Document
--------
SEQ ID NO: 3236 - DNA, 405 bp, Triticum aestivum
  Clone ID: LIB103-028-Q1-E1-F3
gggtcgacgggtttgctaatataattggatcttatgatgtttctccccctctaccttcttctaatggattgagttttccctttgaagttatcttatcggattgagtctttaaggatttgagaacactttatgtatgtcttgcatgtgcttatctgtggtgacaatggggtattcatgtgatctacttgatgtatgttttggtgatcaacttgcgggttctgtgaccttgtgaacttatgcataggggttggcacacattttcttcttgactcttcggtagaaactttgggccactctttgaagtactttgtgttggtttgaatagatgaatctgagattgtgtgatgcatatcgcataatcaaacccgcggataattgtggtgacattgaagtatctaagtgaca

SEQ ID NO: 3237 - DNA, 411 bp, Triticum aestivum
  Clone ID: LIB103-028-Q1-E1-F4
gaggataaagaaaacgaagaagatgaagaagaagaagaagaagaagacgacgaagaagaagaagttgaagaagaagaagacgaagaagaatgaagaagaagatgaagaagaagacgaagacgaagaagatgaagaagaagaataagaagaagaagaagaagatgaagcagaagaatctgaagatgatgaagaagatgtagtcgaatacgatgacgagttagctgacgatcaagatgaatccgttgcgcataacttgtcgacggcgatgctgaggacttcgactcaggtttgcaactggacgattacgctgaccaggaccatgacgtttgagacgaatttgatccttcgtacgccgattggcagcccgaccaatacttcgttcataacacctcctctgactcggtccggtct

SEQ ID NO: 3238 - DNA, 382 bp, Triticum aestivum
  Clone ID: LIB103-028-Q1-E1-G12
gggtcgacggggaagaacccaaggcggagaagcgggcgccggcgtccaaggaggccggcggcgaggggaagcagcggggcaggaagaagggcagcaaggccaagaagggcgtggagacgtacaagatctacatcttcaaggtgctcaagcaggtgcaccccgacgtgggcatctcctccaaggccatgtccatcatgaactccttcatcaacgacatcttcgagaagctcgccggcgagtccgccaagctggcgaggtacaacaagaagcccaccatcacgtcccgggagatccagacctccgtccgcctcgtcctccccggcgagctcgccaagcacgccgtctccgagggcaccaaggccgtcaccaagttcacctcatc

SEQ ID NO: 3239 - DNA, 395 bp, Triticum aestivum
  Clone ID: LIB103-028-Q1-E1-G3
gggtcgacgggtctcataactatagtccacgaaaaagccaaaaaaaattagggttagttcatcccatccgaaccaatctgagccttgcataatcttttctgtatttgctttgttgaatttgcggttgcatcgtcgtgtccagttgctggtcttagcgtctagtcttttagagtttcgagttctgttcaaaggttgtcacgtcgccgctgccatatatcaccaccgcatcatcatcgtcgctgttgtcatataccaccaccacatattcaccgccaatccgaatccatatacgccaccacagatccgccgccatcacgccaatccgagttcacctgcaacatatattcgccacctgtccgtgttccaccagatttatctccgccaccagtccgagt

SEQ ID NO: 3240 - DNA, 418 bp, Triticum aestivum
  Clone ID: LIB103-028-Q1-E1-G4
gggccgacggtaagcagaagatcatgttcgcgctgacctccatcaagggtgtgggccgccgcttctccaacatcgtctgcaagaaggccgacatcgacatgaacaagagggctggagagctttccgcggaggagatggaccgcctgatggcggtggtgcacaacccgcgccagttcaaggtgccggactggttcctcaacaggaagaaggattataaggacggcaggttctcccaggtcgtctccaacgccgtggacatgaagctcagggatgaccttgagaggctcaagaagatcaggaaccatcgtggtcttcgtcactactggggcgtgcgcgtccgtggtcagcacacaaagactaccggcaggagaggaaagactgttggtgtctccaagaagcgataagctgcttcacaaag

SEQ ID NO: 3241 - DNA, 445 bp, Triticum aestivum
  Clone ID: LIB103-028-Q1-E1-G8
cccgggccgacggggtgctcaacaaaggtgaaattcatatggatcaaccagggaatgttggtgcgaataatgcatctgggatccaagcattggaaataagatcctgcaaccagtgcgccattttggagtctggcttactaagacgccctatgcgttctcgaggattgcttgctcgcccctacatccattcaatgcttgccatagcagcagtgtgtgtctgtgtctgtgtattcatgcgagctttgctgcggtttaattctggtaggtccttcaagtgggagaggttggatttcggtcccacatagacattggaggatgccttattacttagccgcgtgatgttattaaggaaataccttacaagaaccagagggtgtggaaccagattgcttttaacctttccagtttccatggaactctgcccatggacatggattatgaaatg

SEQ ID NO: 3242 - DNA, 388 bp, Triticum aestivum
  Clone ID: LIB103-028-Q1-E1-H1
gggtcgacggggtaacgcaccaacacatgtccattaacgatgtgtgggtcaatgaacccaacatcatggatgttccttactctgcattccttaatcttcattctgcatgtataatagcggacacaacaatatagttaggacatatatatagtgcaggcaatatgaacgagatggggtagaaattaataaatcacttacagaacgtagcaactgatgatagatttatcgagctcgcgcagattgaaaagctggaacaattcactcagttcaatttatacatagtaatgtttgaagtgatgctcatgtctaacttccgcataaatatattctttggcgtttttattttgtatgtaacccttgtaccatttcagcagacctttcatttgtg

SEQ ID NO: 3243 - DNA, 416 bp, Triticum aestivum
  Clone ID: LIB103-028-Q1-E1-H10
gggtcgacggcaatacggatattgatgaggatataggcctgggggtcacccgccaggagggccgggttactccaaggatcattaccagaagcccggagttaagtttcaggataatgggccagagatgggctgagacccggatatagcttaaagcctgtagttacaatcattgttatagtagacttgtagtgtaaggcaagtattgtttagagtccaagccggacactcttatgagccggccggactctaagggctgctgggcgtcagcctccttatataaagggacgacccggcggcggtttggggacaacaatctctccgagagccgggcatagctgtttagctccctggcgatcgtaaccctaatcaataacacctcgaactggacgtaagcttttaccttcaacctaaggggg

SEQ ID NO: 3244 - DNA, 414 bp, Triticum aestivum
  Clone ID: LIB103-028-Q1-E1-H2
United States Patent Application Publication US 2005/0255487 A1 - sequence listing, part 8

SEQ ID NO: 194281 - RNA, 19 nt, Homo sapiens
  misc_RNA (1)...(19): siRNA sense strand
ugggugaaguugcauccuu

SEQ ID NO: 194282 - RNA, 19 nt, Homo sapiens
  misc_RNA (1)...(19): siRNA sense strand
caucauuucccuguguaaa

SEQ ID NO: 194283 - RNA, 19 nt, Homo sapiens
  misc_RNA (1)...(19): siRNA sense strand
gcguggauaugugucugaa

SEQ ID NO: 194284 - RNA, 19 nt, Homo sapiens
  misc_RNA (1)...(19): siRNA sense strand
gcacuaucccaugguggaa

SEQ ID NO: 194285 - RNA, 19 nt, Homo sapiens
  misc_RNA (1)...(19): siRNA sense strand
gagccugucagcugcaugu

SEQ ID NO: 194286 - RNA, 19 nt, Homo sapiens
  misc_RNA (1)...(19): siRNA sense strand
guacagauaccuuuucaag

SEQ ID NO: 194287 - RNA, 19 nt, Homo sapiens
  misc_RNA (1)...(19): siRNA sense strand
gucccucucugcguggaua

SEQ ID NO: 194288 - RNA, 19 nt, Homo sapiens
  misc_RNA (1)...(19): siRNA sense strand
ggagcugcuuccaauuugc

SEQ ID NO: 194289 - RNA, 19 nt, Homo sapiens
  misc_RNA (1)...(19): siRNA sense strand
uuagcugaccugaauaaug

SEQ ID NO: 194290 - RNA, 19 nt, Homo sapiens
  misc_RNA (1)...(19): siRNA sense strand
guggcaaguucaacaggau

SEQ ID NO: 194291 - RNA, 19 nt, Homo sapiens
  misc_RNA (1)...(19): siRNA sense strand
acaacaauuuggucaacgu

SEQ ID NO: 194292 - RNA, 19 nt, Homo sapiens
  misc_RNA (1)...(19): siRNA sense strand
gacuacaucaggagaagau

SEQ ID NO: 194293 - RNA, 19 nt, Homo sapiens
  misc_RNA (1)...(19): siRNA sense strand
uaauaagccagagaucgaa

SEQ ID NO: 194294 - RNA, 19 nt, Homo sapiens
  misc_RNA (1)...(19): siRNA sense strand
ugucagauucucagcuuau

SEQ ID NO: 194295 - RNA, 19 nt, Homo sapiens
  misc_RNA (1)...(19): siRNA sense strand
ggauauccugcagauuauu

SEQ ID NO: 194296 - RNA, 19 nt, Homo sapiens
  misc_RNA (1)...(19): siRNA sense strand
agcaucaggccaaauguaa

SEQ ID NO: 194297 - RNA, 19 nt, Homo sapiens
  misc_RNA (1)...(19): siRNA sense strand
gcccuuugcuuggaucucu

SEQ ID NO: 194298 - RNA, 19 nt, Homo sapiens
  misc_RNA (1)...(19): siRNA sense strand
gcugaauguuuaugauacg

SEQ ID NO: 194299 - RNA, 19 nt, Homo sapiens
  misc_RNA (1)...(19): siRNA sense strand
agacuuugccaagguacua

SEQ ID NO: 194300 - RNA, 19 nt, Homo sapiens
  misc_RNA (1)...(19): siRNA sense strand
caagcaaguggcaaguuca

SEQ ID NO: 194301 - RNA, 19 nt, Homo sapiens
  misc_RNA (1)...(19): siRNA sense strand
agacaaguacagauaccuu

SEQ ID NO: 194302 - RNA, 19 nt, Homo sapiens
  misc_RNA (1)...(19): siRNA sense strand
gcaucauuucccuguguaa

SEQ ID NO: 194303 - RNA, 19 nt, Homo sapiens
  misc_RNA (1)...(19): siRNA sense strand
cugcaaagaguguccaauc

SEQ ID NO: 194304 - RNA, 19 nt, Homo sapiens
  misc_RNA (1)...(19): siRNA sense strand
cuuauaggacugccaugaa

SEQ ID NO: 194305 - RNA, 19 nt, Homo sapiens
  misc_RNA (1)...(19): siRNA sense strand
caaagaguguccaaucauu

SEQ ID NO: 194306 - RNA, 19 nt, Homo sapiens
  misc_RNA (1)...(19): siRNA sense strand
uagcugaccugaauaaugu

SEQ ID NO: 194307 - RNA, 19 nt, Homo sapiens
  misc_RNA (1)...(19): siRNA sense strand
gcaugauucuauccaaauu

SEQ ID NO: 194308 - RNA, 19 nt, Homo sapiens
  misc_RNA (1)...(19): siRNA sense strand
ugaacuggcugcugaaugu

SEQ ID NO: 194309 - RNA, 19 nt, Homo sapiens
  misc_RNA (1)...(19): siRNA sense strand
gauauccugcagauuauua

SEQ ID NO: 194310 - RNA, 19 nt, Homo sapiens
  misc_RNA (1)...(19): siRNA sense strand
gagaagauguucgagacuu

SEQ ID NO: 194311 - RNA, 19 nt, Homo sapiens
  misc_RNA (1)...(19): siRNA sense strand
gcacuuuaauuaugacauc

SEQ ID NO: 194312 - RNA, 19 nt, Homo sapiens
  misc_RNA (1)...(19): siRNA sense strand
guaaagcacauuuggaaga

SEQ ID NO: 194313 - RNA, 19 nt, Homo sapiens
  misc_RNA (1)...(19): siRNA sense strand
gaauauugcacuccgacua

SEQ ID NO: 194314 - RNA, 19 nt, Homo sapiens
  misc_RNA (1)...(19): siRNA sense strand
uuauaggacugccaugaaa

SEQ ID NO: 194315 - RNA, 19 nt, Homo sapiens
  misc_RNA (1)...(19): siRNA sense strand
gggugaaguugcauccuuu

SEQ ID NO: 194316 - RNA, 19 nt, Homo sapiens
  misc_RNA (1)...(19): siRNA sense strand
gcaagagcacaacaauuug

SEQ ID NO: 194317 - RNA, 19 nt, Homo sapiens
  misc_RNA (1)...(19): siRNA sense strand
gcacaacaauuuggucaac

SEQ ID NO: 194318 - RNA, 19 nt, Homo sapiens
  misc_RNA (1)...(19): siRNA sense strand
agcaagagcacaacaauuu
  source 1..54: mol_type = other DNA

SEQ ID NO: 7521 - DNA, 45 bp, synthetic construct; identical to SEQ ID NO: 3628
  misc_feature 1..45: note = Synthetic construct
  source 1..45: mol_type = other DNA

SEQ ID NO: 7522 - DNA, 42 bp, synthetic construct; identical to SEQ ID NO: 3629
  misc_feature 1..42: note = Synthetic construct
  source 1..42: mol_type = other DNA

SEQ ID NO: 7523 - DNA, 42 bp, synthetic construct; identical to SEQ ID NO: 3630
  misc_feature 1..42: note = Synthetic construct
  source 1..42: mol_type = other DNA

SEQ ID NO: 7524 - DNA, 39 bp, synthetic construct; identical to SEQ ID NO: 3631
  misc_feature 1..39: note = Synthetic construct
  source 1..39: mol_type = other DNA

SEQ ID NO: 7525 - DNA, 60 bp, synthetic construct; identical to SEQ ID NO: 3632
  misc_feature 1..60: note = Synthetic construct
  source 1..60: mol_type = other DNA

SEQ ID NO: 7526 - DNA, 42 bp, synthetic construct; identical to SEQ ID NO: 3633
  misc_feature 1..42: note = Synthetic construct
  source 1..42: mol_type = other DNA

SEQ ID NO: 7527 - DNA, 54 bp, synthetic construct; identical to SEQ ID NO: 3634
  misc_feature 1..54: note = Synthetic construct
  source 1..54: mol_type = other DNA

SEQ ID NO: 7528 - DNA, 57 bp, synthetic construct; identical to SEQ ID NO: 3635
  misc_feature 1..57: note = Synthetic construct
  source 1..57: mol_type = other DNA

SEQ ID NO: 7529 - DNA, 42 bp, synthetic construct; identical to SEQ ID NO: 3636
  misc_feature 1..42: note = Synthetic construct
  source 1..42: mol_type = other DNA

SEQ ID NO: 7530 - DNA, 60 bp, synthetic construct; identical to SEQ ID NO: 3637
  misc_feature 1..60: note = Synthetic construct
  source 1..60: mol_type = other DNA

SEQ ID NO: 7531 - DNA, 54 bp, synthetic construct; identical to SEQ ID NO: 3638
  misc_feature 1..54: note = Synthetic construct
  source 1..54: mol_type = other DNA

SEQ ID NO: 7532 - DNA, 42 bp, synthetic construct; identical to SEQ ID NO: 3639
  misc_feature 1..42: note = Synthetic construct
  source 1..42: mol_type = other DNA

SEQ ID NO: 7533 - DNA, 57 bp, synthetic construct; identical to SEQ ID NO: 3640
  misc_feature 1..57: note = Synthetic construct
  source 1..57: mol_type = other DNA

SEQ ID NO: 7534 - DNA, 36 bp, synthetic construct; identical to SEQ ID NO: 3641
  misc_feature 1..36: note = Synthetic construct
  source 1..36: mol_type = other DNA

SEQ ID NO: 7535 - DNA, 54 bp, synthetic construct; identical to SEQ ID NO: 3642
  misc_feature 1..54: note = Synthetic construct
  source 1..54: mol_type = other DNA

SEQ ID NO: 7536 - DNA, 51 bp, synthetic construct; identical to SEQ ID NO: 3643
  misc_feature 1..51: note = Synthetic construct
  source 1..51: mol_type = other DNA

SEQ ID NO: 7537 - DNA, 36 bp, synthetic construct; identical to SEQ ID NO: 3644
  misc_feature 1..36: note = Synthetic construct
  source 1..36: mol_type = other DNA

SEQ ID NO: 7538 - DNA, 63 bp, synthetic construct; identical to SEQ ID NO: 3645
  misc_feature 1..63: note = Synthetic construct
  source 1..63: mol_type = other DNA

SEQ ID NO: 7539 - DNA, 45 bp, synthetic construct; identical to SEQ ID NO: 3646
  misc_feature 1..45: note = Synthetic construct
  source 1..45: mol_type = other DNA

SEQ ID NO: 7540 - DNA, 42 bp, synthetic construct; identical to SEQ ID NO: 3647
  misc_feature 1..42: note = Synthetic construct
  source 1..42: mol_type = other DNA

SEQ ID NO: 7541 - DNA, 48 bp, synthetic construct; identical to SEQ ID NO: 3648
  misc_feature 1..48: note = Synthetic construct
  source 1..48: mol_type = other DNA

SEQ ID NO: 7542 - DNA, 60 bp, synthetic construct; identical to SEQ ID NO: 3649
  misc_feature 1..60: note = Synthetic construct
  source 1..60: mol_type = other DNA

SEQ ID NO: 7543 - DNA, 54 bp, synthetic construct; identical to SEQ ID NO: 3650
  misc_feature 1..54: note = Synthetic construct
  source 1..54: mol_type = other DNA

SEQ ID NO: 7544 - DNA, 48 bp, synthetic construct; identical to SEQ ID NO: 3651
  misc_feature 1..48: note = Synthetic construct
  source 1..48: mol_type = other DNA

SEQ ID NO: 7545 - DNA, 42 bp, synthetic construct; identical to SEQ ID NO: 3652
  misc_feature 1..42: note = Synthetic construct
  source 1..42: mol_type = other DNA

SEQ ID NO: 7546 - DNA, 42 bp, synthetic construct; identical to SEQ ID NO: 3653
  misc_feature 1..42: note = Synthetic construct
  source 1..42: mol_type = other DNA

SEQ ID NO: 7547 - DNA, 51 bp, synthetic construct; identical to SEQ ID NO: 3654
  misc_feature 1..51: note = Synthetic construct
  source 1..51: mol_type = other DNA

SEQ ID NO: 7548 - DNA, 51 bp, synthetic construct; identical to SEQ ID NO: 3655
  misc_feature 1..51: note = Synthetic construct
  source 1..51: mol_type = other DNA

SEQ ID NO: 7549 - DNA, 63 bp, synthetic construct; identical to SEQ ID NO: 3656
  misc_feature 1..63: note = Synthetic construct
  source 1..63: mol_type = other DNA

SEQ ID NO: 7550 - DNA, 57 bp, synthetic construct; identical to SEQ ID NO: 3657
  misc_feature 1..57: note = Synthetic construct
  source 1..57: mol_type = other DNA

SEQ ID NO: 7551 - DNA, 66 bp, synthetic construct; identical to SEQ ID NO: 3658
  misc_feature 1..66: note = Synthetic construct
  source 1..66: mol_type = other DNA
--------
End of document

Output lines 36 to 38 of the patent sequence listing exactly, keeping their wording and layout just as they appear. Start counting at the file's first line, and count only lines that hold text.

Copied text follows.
gcguggauaugugucugaa

SEQ ID NO: 194284 - RNA, 19 nt, Homo sapiens
  misc_RNA (1)...(19): siRNA sense strand